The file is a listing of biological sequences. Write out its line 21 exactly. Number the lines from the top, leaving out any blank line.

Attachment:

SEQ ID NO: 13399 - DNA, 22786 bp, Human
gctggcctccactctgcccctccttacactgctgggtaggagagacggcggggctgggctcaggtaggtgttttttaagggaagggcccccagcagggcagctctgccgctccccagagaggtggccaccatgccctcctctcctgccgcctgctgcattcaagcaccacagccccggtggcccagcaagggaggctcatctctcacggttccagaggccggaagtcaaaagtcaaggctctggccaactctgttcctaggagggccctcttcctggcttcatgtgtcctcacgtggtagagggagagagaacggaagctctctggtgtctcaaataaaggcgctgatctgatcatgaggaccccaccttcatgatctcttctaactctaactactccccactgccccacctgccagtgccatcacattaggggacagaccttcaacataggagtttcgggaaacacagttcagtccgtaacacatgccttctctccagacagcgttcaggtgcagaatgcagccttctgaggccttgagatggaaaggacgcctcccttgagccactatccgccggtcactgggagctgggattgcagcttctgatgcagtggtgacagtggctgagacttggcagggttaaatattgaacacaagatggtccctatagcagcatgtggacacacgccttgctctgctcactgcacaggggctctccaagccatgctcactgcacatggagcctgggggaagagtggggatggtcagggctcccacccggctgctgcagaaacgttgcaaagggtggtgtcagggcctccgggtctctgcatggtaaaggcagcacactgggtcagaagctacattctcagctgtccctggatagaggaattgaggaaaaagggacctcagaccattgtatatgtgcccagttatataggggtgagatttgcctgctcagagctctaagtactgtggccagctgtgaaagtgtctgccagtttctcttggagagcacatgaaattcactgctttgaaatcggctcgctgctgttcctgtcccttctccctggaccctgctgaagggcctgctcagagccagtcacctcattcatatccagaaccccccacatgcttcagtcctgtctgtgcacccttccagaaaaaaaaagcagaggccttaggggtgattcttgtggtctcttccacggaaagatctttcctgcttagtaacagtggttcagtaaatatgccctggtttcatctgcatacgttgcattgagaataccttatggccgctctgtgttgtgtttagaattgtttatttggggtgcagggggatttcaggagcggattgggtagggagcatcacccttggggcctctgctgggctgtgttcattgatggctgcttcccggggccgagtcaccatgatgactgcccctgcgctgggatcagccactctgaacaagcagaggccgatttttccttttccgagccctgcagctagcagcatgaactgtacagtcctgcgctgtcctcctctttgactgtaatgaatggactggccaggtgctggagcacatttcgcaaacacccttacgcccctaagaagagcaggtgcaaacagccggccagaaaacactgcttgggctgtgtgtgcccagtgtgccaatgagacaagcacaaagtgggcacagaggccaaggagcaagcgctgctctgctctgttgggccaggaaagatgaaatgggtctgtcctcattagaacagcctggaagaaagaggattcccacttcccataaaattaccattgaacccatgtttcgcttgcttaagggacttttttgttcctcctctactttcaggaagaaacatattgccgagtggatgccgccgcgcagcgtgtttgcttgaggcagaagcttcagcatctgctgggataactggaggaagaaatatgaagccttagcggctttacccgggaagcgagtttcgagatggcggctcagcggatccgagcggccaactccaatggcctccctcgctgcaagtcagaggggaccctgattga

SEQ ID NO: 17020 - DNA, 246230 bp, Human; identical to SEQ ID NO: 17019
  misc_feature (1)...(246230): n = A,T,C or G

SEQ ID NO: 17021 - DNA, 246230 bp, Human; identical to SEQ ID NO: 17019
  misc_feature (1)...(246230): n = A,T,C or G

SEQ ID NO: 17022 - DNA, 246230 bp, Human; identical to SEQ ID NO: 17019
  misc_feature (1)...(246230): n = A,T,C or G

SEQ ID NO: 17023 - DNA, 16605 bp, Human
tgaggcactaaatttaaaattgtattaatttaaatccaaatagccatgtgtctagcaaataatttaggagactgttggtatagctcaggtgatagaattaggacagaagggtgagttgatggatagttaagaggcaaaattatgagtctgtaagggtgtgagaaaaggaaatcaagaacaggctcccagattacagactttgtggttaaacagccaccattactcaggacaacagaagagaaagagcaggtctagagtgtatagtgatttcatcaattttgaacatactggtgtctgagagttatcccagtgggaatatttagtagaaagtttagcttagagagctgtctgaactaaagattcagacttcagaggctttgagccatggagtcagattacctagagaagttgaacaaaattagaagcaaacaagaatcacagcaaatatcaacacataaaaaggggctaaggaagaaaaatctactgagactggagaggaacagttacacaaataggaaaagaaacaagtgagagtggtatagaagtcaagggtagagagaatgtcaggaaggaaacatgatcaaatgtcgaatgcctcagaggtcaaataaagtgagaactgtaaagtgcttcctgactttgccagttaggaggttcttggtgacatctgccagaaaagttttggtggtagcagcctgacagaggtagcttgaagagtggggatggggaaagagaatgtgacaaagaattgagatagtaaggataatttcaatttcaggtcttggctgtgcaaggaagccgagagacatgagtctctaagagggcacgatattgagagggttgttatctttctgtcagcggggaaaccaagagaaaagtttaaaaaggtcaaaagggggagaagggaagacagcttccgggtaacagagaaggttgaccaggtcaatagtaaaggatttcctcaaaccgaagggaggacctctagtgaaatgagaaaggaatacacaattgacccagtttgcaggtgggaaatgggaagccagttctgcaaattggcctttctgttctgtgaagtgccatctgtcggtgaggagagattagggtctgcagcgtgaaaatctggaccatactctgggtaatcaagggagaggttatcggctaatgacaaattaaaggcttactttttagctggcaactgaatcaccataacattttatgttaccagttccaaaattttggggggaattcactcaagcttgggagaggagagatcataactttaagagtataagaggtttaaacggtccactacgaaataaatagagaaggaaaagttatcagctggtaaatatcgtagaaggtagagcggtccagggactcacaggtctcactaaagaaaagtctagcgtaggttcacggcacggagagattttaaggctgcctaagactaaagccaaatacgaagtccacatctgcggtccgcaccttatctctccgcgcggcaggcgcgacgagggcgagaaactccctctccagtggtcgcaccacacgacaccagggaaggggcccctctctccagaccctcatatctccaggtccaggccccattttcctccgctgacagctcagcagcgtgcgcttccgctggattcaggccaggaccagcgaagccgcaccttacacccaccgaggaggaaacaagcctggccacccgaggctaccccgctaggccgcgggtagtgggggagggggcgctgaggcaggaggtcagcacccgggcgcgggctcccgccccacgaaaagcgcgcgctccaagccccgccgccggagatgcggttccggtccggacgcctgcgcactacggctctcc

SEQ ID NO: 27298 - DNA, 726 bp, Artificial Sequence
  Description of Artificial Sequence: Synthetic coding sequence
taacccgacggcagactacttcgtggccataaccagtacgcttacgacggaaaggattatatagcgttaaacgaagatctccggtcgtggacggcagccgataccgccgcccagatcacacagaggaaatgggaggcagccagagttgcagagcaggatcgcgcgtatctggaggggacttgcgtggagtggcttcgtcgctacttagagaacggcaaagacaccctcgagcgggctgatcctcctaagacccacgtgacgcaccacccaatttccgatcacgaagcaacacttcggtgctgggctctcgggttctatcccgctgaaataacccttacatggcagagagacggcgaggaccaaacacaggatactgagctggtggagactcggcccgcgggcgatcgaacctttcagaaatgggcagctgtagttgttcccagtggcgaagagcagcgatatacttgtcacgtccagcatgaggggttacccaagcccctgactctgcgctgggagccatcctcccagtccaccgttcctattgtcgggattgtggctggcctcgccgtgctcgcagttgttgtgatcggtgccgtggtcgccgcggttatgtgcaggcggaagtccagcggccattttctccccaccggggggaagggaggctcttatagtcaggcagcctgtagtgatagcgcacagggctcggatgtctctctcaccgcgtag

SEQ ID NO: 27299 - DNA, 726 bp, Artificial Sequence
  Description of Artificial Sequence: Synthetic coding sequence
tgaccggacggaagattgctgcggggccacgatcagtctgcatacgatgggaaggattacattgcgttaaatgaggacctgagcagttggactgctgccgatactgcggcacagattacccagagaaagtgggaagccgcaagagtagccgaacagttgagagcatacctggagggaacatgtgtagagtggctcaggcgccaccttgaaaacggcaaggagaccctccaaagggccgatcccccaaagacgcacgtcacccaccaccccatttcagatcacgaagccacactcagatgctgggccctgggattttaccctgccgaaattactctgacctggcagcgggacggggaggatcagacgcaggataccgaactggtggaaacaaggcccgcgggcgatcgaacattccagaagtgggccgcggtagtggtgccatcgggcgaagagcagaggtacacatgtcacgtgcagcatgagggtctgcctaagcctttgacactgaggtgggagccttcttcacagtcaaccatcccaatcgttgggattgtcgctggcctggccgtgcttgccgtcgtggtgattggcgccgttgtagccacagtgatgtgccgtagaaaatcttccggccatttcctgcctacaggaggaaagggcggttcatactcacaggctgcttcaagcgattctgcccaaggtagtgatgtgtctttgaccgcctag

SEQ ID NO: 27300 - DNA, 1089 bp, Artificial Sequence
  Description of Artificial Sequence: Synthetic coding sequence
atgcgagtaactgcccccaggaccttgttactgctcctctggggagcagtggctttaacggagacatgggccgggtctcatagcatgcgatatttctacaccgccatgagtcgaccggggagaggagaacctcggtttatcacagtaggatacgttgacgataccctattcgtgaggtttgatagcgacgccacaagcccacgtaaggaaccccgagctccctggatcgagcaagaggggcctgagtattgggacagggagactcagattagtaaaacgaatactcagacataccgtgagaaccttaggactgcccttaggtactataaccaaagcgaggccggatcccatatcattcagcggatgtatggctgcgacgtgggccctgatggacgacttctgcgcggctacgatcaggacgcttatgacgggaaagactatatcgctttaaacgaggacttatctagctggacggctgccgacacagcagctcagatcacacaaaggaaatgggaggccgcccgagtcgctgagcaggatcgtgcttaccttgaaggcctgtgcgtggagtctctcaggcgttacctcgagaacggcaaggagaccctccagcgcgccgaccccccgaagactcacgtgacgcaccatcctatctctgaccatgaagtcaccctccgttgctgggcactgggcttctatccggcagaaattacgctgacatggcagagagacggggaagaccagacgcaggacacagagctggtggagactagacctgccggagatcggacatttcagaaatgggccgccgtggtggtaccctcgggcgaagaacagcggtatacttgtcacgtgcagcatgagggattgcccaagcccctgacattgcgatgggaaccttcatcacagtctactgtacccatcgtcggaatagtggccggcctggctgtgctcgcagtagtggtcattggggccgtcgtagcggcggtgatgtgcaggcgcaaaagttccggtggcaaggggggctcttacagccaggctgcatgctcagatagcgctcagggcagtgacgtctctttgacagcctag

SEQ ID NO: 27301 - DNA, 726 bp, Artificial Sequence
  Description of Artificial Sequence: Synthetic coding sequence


  Description of Artificial Sequence: Synthetic coding sequence